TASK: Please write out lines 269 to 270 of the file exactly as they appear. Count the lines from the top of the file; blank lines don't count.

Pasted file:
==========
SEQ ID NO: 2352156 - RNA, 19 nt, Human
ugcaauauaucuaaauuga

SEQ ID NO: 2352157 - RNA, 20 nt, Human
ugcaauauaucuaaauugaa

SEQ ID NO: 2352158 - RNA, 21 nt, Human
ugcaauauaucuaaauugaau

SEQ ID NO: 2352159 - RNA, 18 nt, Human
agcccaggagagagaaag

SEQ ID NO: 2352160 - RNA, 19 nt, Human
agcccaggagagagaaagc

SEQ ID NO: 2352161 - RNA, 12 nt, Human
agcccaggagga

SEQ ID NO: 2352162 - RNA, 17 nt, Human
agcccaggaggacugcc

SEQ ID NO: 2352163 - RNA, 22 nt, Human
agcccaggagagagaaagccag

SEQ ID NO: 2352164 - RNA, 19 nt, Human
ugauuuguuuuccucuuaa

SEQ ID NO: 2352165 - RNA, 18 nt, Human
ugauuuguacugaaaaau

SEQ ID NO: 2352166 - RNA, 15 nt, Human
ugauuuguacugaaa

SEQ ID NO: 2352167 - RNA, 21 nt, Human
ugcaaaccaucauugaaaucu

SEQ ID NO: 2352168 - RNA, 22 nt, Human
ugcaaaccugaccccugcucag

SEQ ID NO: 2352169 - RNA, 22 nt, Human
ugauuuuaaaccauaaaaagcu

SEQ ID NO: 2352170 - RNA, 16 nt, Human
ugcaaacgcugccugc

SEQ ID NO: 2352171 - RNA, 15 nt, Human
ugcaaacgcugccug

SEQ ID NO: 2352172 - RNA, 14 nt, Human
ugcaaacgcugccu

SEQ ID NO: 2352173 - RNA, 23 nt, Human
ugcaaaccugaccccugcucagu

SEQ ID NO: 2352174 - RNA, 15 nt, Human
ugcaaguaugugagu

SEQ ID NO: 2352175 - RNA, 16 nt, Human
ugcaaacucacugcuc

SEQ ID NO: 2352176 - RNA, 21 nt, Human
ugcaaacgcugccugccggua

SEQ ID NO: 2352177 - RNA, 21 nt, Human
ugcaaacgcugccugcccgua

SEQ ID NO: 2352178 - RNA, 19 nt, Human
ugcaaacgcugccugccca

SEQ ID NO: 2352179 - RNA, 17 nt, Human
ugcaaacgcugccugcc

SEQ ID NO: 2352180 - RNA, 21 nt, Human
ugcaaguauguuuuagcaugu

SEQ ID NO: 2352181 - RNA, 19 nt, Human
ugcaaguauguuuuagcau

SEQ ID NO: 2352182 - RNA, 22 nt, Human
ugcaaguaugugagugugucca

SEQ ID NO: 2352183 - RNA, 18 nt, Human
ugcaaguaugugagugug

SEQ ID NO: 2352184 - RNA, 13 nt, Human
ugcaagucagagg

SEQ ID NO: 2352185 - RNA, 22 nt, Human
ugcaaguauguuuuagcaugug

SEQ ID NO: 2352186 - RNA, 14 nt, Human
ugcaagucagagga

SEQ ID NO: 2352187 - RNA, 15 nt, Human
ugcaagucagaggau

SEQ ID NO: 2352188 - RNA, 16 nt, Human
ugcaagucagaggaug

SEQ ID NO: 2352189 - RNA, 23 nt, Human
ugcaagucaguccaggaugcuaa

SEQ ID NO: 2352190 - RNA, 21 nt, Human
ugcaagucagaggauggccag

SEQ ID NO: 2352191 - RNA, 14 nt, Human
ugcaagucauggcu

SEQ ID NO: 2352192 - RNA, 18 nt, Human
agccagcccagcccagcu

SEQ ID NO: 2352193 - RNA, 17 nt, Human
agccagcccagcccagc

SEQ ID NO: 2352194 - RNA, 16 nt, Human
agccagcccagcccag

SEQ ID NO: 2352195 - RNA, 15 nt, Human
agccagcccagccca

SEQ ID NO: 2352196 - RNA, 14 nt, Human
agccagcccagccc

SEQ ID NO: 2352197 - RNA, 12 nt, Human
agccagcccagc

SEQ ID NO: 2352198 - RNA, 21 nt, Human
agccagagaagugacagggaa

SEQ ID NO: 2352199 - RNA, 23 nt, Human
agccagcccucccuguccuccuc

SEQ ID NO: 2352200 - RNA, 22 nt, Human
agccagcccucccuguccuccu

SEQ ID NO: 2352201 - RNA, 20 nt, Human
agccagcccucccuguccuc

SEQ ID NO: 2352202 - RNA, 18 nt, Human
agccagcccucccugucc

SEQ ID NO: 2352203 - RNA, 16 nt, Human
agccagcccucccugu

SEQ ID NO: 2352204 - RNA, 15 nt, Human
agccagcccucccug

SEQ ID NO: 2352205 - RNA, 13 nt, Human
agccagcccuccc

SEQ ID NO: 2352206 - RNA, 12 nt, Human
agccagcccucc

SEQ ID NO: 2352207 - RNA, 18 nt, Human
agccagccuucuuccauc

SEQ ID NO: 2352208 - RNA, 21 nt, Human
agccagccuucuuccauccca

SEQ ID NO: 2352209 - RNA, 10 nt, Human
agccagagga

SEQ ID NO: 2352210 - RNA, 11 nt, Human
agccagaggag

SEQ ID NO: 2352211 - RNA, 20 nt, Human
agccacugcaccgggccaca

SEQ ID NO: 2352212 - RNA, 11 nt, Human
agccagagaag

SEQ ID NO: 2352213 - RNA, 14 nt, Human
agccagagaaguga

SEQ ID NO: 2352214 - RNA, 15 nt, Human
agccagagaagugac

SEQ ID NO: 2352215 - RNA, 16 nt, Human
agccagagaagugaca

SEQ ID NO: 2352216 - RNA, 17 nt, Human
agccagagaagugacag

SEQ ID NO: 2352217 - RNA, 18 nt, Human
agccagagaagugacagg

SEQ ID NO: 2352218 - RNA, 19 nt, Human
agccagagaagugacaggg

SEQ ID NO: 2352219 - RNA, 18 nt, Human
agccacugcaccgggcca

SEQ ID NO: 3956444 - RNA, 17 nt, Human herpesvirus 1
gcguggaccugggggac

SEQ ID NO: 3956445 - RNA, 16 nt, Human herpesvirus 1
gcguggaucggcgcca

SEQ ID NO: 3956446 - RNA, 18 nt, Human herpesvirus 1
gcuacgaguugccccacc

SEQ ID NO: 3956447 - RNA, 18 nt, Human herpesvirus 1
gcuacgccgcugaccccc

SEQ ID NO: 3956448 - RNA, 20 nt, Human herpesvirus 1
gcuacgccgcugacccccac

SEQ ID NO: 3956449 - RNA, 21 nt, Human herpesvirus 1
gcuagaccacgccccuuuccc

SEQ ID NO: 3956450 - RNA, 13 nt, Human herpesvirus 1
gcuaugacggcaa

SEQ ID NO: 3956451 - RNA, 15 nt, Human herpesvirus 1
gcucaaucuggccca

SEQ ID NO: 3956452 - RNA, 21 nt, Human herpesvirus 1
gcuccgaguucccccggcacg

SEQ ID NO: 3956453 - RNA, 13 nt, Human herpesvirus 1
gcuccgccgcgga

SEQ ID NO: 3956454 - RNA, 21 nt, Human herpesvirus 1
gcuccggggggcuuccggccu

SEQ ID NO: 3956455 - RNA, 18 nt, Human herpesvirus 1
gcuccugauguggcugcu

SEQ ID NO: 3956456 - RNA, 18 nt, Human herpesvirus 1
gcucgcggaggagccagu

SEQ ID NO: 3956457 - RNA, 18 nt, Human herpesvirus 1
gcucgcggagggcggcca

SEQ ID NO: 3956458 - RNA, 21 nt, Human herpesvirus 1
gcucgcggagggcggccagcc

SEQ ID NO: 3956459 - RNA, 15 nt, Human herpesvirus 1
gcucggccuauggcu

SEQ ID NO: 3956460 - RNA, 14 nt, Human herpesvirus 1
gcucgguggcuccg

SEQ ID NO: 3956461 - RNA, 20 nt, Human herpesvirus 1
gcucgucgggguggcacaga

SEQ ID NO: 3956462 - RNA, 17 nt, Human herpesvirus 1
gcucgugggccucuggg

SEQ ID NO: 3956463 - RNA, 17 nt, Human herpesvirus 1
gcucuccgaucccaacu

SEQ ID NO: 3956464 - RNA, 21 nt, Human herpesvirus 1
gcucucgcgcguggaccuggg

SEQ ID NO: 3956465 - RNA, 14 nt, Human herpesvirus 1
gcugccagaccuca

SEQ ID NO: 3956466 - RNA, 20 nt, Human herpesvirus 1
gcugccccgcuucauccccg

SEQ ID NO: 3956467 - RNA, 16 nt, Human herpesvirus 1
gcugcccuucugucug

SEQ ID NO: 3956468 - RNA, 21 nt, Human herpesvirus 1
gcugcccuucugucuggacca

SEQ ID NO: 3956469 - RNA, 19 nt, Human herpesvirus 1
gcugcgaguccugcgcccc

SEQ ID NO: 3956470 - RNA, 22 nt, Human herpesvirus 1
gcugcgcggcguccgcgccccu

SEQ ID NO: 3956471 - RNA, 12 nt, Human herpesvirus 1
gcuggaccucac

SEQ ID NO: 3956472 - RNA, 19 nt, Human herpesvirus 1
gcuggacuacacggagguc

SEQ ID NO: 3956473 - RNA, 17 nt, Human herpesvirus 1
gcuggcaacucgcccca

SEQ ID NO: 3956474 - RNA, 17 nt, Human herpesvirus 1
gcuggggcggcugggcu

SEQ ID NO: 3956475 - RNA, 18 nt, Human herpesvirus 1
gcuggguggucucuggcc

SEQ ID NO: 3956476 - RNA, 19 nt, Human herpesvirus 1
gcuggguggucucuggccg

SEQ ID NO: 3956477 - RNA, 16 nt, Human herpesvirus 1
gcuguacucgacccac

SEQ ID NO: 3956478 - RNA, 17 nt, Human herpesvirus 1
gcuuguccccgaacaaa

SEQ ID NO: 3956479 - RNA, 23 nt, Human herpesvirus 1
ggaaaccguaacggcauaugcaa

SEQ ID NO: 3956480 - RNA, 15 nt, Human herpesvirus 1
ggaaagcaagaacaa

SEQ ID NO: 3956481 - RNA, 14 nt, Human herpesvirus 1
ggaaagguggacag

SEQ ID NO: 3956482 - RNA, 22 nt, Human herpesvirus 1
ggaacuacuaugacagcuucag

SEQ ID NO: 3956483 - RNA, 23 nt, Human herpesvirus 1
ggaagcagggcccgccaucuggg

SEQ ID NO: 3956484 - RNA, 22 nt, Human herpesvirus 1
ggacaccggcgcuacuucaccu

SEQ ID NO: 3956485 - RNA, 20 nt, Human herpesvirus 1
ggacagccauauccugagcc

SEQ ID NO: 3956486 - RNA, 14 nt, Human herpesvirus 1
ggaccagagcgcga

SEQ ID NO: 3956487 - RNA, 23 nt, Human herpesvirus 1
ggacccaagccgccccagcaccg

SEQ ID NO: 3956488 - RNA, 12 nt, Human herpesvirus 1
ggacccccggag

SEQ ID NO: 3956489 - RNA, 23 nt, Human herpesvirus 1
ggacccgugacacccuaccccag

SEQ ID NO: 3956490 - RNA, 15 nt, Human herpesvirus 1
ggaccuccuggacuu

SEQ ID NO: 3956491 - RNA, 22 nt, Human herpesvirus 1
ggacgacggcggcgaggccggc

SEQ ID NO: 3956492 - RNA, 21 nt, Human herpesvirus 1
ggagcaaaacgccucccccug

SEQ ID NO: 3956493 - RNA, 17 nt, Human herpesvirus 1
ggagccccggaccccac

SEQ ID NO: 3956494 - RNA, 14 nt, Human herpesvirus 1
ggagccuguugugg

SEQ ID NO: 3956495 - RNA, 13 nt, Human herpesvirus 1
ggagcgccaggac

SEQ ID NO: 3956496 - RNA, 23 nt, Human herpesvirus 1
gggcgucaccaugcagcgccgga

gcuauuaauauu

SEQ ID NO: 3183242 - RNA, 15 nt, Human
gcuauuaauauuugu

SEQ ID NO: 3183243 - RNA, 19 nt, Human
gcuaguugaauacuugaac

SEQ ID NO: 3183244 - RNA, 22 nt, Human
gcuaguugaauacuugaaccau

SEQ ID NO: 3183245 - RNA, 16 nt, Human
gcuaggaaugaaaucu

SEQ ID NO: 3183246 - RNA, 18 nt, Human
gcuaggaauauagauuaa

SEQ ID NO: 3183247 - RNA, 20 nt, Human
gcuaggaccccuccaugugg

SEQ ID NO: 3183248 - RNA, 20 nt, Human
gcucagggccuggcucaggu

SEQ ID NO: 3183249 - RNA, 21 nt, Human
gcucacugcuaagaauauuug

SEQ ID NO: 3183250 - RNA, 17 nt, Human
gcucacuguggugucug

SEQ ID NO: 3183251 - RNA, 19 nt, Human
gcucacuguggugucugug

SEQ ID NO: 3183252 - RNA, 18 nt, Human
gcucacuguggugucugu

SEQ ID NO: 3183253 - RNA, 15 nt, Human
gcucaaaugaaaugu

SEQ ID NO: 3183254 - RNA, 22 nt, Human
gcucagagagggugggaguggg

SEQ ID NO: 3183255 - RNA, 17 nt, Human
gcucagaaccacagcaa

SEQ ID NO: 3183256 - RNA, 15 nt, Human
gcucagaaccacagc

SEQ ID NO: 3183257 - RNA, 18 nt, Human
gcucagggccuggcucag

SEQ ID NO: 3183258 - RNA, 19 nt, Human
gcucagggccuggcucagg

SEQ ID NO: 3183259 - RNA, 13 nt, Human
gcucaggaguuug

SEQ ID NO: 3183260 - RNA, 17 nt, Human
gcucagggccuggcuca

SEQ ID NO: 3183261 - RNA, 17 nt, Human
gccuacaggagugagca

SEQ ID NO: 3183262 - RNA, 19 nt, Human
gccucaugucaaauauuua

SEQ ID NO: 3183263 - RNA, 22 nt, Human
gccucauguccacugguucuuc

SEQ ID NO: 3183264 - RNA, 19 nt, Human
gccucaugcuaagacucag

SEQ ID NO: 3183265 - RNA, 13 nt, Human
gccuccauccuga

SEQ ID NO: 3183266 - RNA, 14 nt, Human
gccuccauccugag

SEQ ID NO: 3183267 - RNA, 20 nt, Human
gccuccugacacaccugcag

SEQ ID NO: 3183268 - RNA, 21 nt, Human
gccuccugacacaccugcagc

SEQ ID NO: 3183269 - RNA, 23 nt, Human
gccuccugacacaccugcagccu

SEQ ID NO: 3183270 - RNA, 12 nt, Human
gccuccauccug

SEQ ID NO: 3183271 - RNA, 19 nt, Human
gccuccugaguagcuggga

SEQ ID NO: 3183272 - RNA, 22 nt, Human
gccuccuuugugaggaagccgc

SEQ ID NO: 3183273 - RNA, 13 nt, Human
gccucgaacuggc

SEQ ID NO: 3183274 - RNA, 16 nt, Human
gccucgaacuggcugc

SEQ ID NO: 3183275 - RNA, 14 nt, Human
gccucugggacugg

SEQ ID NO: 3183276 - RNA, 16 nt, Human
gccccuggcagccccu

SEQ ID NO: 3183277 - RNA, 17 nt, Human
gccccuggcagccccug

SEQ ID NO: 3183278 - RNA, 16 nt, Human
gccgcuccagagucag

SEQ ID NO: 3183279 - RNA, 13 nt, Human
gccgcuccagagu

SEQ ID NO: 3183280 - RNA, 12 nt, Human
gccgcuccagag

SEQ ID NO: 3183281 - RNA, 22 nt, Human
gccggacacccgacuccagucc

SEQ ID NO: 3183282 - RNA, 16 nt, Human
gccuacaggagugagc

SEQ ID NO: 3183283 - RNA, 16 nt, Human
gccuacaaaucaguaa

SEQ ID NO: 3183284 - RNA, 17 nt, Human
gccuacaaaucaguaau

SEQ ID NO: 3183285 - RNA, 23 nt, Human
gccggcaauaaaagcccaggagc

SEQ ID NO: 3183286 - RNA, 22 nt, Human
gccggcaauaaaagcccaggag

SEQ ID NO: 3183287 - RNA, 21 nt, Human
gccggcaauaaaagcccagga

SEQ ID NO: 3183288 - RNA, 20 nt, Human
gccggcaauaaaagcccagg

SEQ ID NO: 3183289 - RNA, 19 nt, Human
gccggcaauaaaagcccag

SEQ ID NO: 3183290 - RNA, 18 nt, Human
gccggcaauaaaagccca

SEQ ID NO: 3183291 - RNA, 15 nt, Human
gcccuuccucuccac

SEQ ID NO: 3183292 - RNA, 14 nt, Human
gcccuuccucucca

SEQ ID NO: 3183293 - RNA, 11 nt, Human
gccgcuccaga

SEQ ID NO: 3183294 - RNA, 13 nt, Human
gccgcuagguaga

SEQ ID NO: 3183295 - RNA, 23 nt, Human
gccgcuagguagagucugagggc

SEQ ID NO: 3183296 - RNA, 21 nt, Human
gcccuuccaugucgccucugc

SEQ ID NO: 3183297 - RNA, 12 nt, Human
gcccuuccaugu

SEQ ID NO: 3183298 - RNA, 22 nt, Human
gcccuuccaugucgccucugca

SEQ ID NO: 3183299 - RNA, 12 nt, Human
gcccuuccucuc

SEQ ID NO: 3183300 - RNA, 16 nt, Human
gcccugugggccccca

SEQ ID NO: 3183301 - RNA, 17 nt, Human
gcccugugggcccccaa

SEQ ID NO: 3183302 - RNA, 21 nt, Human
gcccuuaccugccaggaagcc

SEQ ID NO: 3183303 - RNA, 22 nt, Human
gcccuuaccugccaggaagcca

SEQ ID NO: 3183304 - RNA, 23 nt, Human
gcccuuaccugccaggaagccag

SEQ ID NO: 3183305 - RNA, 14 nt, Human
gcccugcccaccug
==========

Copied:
gcucagggccuggcucagg

SEQ ID NO: 3183259 - RNA, 13 nt, Human